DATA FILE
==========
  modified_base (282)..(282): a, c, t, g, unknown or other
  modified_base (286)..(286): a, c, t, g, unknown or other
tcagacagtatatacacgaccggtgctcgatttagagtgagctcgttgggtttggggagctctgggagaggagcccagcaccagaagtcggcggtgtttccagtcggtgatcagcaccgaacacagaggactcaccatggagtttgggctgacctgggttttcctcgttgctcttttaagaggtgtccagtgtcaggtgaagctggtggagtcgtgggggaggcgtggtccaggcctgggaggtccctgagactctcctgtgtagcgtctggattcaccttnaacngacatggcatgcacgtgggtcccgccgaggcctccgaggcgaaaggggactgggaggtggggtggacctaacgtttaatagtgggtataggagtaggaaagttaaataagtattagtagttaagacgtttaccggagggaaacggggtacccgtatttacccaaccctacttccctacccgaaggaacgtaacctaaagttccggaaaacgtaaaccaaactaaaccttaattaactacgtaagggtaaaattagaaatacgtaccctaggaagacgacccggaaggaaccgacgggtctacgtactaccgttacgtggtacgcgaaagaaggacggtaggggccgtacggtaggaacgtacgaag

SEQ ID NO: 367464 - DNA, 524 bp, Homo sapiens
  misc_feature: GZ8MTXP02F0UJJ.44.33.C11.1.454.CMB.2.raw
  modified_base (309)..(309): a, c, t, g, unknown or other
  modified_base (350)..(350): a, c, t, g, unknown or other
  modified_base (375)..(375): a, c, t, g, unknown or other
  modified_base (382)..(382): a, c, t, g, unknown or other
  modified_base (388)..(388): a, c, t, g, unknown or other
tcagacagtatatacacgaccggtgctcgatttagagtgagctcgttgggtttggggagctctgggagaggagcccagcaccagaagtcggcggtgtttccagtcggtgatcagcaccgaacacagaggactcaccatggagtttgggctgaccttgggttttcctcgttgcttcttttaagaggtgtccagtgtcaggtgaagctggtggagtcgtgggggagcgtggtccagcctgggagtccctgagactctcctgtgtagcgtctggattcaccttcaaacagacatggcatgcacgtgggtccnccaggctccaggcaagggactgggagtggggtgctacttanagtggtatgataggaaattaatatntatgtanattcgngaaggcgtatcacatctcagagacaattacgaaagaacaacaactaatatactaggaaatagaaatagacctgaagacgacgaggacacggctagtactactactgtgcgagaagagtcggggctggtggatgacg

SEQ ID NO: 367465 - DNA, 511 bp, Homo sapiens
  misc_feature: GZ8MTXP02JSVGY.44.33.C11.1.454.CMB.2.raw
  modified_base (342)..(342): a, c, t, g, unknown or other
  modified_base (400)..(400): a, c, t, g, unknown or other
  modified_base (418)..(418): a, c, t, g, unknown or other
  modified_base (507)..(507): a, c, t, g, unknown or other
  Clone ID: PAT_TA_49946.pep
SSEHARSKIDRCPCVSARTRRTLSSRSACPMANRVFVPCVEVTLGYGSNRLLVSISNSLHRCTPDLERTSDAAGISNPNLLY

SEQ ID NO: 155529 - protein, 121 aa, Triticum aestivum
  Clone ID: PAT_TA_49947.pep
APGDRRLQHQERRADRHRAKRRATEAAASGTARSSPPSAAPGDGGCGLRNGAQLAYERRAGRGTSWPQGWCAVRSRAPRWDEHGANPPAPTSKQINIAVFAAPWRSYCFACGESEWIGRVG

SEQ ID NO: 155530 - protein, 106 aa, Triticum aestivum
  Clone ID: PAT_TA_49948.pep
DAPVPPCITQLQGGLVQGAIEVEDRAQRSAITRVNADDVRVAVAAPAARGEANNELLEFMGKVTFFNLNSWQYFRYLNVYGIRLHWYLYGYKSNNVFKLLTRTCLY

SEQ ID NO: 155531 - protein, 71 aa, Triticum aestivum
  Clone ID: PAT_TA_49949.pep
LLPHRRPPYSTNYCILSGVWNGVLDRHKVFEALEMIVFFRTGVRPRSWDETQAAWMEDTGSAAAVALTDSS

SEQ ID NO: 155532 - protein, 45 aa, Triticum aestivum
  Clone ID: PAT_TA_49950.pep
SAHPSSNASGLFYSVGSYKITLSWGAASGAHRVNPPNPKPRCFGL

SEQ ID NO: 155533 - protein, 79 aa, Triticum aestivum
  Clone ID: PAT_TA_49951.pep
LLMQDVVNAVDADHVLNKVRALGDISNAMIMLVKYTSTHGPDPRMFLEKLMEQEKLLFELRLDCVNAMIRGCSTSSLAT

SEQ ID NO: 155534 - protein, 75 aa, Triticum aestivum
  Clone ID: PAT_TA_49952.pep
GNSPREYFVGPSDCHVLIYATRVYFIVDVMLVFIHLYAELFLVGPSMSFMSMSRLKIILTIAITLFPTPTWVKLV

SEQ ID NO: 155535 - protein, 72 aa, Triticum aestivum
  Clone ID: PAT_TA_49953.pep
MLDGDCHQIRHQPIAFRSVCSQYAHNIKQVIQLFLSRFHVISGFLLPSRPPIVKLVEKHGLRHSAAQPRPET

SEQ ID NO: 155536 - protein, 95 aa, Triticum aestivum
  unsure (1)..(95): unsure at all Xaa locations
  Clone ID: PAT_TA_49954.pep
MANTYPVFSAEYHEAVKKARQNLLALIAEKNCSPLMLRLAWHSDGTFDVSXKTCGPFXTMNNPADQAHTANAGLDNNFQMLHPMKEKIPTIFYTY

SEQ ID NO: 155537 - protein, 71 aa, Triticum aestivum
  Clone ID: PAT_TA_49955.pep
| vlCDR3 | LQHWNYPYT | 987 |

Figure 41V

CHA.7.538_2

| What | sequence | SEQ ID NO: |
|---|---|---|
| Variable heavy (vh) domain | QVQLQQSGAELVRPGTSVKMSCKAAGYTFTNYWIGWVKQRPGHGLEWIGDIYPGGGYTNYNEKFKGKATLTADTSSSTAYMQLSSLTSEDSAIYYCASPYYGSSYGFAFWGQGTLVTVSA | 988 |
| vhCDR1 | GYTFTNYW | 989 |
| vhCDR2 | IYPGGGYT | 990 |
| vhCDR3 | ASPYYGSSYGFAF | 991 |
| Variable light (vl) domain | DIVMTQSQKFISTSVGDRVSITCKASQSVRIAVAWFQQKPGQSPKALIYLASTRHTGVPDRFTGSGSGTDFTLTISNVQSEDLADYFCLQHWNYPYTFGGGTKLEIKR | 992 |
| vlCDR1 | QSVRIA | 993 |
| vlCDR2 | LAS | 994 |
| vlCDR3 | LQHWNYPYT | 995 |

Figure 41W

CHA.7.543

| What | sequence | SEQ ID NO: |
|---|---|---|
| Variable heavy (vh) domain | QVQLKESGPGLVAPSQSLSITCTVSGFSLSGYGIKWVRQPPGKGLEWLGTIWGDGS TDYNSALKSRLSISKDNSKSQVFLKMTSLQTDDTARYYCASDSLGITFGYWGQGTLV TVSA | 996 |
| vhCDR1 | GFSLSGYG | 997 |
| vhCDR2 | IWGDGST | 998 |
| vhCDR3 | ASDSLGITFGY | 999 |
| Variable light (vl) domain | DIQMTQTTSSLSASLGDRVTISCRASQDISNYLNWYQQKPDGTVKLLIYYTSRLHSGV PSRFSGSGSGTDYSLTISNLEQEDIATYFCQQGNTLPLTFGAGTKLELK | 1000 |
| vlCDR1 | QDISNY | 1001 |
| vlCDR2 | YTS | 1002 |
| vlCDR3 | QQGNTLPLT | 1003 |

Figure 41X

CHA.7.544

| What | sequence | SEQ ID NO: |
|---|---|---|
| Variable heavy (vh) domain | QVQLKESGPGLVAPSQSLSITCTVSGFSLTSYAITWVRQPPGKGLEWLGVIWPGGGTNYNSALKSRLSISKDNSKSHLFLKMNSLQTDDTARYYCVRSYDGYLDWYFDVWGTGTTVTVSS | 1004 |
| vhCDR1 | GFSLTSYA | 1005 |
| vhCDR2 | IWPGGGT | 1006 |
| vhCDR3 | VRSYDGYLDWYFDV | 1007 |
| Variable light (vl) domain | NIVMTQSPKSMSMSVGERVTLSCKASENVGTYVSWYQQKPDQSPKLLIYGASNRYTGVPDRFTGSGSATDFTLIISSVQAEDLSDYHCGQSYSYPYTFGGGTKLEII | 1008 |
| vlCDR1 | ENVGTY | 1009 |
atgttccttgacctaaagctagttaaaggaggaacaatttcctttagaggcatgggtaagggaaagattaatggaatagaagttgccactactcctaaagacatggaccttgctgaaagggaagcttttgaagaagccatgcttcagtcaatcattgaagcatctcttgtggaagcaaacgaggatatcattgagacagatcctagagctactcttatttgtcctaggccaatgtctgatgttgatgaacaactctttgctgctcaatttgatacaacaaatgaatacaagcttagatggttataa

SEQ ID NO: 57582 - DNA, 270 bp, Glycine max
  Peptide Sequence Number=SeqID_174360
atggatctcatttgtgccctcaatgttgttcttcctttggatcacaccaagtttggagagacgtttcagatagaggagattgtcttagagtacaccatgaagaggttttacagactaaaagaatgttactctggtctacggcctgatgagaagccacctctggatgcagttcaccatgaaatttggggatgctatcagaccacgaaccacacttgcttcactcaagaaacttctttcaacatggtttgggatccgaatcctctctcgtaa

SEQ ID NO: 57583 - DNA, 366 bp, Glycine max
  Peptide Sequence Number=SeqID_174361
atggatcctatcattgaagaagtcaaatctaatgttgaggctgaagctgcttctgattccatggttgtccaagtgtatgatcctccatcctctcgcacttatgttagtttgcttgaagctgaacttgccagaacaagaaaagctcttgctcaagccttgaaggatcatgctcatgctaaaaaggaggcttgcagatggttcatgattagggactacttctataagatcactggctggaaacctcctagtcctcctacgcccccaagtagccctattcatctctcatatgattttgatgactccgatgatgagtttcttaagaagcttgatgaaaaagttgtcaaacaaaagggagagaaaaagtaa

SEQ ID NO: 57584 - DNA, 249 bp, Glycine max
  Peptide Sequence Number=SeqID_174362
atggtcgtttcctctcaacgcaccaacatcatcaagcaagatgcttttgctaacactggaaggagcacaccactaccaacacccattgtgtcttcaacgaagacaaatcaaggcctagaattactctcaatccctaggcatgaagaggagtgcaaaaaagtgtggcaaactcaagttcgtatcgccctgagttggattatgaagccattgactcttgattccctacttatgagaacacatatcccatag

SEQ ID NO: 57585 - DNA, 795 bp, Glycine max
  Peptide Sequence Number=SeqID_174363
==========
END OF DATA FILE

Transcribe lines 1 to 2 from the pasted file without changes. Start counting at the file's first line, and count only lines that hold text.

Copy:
  modified_base (282)..(282): a, c, t, g, unknown or other
  modified_base (286)..(286): a, c, t, g, unknown or other